Thursday, 10 March 2016

No bull(ion)ying over tatting

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Being Knotty !
Last night, after 2-3 days sans tatting, my fingers itched. And I went back to my comfort zone of free-form 3D. It is an original practice piece to study a few techniques which were being discussed in the Design Class last morning. 
While trying out the bullion knot, the bunched-up knots reminded me of Hibiscus pistils, which led to this 3D flower. Yet another path to pattern designing !
I wanted to take full pleasure in tatting, hence did not jot down exact stitch-count. What I share below is as close an approximation as I remember.
It does, however, follow my design objective of off-center, in the petals.
This is a good shuttle-emptier doodle.

Tatted Hibiscus Doodad 
PATTERN 
Materials 
2 Shuttles, scrap threads (size 20).
3 strands of Anchor variegated embroidery cotton (1315 - peachy) ; Anchor size 20 Art 4054 (0293 lemony yellow , 0256 Mehandi Green) .
Measurement  4 cms long
Resources & techniques used
2-shuttle tatting (floating/thrown rings), Bullion Knot & Dots, Roll tatting,  
Josephine Knot, Josephine Chain, join last ring to 1st ring, graduated decorative picots, encapsulated Josephine Chain, Frayed ends, Ninetta’s Curled Rings 

Join the peach & yellow threads. It is not essential to hide ends. With Peach, make 3 rings-only petals of different sizes & joined irregularly.
Flower :
R1 : 3ds, vsp, 5 graduated picots sep by 1ds, vsp, 5ds.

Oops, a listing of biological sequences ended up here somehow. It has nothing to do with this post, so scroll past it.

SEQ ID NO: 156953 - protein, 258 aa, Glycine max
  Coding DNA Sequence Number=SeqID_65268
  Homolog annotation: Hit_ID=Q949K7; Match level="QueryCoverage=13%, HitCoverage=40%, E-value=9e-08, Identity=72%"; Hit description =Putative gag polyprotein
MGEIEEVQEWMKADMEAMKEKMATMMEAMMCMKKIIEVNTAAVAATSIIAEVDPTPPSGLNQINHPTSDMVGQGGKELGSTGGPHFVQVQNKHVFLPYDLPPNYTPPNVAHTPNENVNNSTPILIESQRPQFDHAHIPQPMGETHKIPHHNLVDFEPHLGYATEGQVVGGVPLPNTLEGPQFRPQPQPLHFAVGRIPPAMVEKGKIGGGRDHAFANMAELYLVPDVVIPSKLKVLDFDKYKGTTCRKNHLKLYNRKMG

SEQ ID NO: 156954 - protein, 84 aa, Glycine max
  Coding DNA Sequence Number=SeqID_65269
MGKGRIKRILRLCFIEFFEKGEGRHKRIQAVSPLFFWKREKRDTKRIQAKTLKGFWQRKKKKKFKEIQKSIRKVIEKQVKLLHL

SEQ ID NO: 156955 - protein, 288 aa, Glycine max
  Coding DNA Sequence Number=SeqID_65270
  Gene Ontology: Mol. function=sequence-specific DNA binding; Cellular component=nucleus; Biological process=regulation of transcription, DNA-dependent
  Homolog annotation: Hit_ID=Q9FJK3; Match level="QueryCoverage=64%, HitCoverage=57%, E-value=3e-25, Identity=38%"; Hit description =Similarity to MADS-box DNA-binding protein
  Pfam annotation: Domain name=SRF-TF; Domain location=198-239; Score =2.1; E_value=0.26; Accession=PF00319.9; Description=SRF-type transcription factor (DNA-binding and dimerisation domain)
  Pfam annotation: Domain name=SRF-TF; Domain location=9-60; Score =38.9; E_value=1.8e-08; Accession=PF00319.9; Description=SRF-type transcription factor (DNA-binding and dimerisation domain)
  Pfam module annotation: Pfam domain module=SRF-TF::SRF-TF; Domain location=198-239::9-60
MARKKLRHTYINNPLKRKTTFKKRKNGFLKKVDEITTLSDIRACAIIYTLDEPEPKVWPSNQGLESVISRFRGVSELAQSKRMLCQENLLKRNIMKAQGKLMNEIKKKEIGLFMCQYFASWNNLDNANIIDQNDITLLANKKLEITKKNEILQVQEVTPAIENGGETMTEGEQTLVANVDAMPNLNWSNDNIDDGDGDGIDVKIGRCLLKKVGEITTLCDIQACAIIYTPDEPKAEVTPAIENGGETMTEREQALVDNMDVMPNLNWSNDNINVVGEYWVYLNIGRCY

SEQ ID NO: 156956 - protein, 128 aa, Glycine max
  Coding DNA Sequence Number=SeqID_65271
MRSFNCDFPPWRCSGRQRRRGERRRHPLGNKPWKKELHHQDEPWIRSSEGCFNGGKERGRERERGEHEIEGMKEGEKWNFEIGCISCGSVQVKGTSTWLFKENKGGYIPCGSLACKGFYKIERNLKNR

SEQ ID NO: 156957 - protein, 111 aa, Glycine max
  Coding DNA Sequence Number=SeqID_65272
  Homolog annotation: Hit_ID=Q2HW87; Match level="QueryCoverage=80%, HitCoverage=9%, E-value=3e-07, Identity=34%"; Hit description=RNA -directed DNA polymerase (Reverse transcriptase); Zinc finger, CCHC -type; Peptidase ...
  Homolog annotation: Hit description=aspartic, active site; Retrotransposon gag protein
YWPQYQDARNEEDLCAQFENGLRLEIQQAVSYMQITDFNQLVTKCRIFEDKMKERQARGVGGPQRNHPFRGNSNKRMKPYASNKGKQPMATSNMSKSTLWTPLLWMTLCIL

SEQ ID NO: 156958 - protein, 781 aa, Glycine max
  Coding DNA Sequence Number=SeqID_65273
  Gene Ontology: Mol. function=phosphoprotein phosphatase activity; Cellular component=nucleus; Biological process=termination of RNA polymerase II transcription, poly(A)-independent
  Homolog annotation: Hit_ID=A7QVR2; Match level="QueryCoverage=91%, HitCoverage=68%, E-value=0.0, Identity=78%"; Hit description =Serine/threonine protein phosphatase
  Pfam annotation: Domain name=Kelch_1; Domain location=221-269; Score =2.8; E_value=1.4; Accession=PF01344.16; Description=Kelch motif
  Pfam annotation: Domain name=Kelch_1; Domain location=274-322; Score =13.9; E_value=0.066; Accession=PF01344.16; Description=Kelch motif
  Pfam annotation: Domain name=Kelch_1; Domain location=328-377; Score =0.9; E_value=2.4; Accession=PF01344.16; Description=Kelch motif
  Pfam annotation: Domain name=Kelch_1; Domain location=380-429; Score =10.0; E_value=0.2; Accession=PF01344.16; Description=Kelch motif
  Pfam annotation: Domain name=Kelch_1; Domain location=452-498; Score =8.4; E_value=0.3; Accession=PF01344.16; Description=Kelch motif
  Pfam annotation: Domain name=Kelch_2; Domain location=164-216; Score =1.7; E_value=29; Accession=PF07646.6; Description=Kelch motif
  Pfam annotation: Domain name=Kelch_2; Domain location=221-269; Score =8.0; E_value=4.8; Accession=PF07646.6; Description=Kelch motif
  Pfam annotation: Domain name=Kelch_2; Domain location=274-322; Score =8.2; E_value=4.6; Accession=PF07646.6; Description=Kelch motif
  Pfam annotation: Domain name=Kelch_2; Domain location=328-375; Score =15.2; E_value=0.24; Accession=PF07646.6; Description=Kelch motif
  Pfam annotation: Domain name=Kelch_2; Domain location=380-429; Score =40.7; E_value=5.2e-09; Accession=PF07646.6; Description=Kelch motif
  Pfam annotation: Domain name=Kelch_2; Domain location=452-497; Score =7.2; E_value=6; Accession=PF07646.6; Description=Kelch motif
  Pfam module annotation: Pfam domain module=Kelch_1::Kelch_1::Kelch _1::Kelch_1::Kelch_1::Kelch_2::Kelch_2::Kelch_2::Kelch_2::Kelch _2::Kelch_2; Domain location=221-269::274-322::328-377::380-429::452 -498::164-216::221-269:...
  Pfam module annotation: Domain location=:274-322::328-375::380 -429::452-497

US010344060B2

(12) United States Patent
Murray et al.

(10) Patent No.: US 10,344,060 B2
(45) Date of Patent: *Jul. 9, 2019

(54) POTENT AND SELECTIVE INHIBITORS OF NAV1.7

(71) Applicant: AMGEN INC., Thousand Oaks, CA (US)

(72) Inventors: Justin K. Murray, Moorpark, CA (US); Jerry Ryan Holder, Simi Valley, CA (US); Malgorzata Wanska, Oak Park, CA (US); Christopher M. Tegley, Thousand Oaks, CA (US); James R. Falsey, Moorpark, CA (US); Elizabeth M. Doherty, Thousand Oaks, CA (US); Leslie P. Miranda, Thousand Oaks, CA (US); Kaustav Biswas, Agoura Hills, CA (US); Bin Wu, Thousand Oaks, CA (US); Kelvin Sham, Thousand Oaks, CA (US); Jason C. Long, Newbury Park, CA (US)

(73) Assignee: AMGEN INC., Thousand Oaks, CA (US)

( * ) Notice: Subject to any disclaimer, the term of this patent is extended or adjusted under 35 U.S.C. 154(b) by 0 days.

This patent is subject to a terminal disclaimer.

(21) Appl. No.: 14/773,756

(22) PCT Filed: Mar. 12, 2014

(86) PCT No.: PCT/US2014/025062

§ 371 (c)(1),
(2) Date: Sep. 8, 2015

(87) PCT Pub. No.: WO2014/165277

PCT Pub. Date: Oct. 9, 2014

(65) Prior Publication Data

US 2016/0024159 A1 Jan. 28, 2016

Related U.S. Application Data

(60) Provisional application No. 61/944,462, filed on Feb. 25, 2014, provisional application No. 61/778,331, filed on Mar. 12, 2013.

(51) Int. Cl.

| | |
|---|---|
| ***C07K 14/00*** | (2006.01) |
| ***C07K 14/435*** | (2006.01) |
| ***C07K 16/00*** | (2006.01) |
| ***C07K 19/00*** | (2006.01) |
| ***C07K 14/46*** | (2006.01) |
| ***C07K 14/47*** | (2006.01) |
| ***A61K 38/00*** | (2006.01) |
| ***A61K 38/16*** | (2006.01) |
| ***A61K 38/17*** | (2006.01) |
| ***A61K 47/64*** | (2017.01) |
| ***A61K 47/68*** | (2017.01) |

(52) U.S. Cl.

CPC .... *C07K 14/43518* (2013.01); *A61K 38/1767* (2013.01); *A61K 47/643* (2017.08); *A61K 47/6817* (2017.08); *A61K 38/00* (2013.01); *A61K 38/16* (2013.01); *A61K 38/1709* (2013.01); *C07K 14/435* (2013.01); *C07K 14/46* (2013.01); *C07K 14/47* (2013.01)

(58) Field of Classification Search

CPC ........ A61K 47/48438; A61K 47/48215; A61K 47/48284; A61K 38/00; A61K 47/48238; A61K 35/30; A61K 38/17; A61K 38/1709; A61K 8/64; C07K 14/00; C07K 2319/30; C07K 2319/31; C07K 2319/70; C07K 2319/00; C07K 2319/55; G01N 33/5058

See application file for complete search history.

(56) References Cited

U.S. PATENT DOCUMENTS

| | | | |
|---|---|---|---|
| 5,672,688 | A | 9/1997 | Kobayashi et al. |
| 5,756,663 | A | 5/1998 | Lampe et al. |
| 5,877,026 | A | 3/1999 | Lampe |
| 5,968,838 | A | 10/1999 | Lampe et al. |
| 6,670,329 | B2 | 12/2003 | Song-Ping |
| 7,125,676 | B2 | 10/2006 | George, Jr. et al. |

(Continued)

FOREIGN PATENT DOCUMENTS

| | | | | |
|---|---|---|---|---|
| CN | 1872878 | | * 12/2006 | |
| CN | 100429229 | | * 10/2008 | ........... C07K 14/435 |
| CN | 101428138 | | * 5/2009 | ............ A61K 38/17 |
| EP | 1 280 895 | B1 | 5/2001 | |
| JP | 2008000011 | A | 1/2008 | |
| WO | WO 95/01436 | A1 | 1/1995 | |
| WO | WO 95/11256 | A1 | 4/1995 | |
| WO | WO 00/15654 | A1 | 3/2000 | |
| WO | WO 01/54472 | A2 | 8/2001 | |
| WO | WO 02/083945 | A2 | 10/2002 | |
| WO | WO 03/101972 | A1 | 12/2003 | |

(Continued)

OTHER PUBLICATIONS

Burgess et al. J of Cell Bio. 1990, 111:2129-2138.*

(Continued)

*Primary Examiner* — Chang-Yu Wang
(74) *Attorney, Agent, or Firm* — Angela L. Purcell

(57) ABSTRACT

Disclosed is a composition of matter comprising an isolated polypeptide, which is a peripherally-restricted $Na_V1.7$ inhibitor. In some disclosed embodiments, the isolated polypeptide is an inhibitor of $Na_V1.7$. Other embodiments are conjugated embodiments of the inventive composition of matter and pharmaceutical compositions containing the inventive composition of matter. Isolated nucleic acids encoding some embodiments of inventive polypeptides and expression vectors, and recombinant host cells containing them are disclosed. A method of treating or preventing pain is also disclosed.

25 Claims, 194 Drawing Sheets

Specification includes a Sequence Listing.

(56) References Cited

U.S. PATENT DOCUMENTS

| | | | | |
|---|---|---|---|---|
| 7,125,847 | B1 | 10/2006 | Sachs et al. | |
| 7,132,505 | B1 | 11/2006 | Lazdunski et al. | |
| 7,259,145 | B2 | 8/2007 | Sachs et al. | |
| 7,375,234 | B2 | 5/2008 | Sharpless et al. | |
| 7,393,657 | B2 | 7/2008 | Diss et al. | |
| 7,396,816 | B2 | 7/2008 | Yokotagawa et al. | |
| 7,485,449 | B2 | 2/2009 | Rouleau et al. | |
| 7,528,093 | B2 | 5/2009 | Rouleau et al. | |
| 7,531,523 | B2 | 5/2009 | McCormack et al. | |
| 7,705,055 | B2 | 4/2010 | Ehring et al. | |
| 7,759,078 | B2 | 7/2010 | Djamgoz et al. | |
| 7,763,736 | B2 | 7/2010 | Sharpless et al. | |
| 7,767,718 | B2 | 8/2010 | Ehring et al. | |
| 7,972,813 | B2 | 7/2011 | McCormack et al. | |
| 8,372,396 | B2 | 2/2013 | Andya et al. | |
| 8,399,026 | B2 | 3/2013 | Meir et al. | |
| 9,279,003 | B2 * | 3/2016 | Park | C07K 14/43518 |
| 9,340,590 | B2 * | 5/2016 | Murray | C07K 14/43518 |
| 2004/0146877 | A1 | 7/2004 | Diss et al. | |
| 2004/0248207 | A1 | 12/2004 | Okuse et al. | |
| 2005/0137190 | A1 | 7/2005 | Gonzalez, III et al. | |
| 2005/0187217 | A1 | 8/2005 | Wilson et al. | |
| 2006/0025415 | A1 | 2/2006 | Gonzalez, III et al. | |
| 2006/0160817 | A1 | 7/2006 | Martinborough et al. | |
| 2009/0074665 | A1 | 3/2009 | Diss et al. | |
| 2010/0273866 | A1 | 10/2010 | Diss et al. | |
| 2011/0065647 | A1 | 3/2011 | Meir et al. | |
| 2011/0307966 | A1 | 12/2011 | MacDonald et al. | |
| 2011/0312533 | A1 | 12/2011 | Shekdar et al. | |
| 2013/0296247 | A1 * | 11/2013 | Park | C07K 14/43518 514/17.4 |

R2 : 5ds, join to R1, 2ds, 7 graduated picots sep by 1ds, 2ds, vsp, 7ds.
R3 : 7ds, join to R2, 2ds, 8 graduated picots sep by 1ds, 2ds, join to R1, 3ds.
Before closing last ring, make sure both shuttles are on the top side of the petals, in order to make the pistil.
Pistil :
JCh to desired length. At random points, make Bullion knots of 10 wraps with SH2 (yellow). Do not close the knot completely. After 5 or 6 knots, & desired length reached, tie both threads together, leave a short length & cut. Then fray the tails.
Join green thread (wound CTM) to base of flower.
Calyx :
Ring : [1ds, p]x10, curl through any middle picot. 
(( Ninetta used a curled ring calyx in her lovely strawberry bookmark. That's what I tried  ))
Stem :
Continue with Josephine Chain, encapsulating any tail threads from the beginning of the flower & pistil, randomly placing leaves along the length.
Leaves :
Leaf 1 & 2 are ‘Dots’ & floating (made with 2nd shuttle) :
R : 4ds, close.
Leaf 3 & 4 are Josephine Knots/Rings
JR : 8 half stitch, close.
Continue with stem for a bit. Tie ends & cut & hide.

My Thoughts on Bullion Knots, Dots & Josephine Rings/Knots 
Please refer to this article.
Bullion knots are basically small rings of Roll tatting, in formation. 
In hand embroidery, what French Knot is to Bullion Stitch ; in tatting, Bullion Knot is to Roll Tatted ring (which is usually larger). A tatted bullion knot looks very similar to an embroidered bullion stitch,  where instead of a needle, the thread is wrapped around the core/shuttle thread.
To compare within tatting, Bullion Knot is similar to Half-closed ring or Scallop to look at, but with wrapped thread rather than stitches.
Segment H in I Love Tatting doodle was a long line of bullion knots which twisted on itself.
I used the latter in my NeoVintage Heart.